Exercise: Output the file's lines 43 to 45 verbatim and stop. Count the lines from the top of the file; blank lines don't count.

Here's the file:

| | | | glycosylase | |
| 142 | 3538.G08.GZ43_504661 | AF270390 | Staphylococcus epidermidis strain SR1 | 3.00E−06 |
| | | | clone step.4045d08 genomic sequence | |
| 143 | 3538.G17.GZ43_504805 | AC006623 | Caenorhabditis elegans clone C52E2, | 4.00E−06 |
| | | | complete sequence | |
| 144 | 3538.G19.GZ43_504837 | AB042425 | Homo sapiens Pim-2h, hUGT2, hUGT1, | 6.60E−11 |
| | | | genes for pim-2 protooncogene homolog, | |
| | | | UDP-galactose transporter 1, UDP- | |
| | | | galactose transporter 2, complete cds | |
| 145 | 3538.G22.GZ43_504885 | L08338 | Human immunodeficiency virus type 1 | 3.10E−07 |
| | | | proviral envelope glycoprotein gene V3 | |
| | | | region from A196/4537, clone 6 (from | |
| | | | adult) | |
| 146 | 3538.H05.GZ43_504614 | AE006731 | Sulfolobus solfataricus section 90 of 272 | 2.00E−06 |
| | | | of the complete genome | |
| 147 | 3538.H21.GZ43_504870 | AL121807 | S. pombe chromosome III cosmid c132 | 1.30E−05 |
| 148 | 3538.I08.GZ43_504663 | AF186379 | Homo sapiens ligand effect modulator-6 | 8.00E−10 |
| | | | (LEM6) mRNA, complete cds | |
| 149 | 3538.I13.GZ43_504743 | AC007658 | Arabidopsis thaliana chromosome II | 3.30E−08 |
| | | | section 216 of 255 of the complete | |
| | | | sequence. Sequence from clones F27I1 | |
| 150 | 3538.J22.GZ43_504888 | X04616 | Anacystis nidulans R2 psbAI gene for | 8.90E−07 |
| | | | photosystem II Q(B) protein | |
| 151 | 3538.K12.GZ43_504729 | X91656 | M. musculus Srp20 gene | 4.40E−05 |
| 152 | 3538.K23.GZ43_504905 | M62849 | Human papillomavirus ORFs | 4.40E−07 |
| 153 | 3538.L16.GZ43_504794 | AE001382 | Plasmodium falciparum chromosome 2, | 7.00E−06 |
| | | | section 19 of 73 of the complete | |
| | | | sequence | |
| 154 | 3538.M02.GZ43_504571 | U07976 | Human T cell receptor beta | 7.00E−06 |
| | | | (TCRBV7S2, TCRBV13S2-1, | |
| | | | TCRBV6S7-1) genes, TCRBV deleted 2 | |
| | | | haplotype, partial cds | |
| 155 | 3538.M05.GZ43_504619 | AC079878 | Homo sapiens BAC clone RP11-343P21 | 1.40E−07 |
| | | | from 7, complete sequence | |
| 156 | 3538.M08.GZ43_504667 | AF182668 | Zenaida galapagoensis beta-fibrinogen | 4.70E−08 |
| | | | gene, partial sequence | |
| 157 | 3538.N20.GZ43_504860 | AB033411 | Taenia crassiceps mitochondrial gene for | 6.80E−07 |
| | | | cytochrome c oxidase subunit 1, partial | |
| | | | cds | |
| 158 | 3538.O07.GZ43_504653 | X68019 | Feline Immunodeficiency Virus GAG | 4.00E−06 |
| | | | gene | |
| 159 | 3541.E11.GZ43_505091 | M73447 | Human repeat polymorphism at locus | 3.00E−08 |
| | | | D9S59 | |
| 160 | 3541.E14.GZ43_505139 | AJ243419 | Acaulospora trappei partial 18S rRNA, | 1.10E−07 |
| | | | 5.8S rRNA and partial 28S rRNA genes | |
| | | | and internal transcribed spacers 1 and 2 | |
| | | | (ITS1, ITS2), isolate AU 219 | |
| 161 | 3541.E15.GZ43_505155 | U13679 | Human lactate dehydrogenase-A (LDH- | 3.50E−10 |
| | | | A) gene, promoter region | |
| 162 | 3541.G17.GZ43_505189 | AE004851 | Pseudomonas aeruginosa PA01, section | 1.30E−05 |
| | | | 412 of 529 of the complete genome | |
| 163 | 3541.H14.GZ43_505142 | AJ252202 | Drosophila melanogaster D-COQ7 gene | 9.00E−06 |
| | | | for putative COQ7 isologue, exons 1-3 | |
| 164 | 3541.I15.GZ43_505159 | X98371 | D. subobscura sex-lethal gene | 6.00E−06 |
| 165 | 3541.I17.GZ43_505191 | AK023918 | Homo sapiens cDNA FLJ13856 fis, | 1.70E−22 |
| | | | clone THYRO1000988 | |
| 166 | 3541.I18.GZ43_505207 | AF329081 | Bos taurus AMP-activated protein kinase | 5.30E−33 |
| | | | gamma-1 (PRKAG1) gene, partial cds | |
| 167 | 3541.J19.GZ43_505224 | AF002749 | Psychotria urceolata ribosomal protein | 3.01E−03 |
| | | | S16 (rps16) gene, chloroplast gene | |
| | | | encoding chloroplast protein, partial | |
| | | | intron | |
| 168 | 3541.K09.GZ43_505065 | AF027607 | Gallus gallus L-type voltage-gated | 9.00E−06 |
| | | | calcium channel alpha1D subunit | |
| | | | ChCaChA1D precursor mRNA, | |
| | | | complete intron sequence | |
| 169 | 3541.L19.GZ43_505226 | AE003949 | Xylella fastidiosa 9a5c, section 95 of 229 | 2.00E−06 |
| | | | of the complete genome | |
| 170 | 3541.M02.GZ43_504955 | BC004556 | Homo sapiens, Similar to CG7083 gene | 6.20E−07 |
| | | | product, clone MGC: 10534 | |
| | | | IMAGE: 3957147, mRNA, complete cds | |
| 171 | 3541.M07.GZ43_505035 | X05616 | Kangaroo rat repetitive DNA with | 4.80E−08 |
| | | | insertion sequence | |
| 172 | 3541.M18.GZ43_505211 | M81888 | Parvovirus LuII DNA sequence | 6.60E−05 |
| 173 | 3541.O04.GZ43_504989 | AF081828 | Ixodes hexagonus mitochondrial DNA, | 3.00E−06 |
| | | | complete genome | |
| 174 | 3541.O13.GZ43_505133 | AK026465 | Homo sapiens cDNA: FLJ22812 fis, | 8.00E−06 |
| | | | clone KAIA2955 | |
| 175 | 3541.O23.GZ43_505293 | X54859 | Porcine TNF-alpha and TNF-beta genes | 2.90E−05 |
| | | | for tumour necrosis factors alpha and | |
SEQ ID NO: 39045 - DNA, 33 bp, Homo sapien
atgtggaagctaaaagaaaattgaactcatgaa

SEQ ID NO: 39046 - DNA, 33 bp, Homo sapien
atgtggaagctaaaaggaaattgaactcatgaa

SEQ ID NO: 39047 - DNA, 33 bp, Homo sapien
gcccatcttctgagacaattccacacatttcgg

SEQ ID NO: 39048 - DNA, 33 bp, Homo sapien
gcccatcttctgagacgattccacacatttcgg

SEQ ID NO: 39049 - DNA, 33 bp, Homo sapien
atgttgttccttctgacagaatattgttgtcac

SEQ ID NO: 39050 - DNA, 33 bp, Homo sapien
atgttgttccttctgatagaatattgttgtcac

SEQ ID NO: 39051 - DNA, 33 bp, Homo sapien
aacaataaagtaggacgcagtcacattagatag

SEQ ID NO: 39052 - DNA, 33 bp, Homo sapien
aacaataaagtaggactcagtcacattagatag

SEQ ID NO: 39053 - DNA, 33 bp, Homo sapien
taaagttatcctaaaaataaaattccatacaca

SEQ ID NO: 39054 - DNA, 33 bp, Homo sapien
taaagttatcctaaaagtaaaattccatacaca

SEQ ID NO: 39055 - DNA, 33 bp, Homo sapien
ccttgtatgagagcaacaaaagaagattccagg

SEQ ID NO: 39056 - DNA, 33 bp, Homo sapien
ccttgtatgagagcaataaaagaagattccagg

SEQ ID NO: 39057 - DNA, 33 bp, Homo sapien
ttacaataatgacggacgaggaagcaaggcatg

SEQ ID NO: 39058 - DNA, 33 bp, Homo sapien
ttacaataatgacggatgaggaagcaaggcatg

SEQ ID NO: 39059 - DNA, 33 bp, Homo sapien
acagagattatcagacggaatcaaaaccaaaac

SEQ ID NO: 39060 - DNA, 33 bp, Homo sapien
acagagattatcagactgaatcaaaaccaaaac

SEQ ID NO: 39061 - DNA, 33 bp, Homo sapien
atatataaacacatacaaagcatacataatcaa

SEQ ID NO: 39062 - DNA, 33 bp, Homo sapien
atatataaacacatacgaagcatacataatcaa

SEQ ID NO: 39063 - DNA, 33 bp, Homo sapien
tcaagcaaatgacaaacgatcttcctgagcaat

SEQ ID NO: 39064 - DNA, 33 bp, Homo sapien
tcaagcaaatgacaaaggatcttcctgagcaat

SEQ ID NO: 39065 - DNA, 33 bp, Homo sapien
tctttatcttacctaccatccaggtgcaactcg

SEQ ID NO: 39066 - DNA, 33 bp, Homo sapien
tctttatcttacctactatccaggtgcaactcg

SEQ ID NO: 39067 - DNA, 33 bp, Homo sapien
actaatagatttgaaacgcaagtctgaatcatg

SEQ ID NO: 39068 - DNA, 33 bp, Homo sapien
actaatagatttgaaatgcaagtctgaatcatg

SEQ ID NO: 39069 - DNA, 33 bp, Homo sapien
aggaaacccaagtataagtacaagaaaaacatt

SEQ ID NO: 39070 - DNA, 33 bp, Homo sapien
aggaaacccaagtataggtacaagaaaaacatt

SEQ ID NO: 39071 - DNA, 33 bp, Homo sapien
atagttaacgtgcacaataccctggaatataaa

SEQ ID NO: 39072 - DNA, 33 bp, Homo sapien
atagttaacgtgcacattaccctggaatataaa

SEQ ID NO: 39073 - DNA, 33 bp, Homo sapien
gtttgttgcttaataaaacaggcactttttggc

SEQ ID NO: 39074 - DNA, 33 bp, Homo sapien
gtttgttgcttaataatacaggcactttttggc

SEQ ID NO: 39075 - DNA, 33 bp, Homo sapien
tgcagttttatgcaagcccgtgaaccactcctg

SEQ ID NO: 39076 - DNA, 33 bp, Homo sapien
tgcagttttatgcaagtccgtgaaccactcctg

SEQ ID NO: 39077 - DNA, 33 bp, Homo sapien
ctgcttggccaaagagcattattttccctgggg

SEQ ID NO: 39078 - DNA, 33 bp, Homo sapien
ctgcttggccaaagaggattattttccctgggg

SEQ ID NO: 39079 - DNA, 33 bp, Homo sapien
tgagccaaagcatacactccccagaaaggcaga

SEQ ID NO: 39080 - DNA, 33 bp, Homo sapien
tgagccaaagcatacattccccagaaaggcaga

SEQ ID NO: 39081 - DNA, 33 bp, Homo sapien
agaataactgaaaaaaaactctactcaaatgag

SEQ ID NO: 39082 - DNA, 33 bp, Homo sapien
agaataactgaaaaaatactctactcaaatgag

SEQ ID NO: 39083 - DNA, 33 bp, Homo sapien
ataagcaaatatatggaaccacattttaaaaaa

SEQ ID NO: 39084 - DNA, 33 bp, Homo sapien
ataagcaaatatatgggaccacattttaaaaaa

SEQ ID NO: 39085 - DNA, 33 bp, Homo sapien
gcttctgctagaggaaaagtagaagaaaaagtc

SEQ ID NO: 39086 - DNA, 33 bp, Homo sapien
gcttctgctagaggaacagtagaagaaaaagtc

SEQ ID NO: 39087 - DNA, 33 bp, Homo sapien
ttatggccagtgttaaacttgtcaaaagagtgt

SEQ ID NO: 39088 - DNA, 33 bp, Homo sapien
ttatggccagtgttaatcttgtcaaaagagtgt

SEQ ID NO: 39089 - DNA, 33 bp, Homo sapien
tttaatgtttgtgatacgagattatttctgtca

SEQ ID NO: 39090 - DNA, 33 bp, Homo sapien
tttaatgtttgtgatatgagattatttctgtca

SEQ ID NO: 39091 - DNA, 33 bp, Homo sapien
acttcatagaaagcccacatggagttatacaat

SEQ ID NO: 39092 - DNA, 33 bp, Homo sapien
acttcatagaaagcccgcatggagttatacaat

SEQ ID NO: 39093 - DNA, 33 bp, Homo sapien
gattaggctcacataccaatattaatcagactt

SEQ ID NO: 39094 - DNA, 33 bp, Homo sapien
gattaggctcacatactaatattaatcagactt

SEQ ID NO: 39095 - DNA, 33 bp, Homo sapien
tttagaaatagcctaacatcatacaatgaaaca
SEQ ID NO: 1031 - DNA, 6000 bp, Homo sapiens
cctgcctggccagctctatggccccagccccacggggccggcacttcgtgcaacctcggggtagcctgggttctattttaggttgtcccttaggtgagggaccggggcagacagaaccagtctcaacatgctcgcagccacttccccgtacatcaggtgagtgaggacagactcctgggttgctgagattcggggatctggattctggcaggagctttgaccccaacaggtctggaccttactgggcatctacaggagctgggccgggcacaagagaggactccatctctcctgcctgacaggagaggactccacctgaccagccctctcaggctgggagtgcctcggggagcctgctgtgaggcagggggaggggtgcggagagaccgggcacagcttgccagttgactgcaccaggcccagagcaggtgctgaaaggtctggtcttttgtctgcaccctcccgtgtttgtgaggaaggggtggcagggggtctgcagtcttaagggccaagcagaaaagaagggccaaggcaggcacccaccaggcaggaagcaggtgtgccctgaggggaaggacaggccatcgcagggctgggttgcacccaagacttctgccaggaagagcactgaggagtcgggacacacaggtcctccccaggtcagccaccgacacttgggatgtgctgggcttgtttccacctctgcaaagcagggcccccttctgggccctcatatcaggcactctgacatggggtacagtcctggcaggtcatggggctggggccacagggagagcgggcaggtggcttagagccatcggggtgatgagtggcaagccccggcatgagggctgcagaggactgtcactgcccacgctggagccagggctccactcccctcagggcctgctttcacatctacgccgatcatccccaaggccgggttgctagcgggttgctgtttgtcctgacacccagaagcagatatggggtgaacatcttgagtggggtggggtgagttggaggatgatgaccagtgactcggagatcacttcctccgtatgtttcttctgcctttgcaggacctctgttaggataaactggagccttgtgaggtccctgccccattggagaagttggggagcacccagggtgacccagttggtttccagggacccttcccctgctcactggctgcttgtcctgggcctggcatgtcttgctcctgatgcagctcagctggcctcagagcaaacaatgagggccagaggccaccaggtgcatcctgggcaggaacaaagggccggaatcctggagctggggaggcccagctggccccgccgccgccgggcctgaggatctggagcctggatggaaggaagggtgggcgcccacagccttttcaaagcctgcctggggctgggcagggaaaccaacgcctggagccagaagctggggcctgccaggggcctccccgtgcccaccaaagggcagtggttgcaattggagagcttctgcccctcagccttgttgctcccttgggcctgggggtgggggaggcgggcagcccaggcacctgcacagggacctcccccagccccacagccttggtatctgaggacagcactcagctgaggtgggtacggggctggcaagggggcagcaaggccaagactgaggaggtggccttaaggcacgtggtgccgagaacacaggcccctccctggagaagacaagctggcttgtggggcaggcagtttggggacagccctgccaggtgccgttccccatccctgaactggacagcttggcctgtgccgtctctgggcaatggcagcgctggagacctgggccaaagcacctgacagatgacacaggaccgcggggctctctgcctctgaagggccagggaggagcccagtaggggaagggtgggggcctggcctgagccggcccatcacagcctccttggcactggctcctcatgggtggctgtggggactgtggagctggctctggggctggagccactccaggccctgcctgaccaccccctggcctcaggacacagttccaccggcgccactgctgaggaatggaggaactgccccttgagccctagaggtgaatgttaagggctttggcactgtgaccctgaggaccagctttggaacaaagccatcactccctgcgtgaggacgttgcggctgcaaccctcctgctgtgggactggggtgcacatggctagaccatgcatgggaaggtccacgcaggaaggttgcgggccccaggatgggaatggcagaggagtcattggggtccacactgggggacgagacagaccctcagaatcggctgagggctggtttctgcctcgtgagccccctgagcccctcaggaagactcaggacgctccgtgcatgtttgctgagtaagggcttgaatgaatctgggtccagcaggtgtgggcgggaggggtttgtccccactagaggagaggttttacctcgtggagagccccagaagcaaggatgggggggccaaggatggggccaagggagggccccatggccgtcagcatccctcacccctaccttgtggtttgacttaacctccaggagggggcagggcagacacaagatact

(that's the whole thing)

| | | | D9S59 | |
| 160 | 3541.E14.GZ43_505139 | AJ243419 | Acaulospora trappei partial 18S rRNA, | 1.10E−07 |
| | | | 5.8S rRNA and partial 28S rRNA genes | |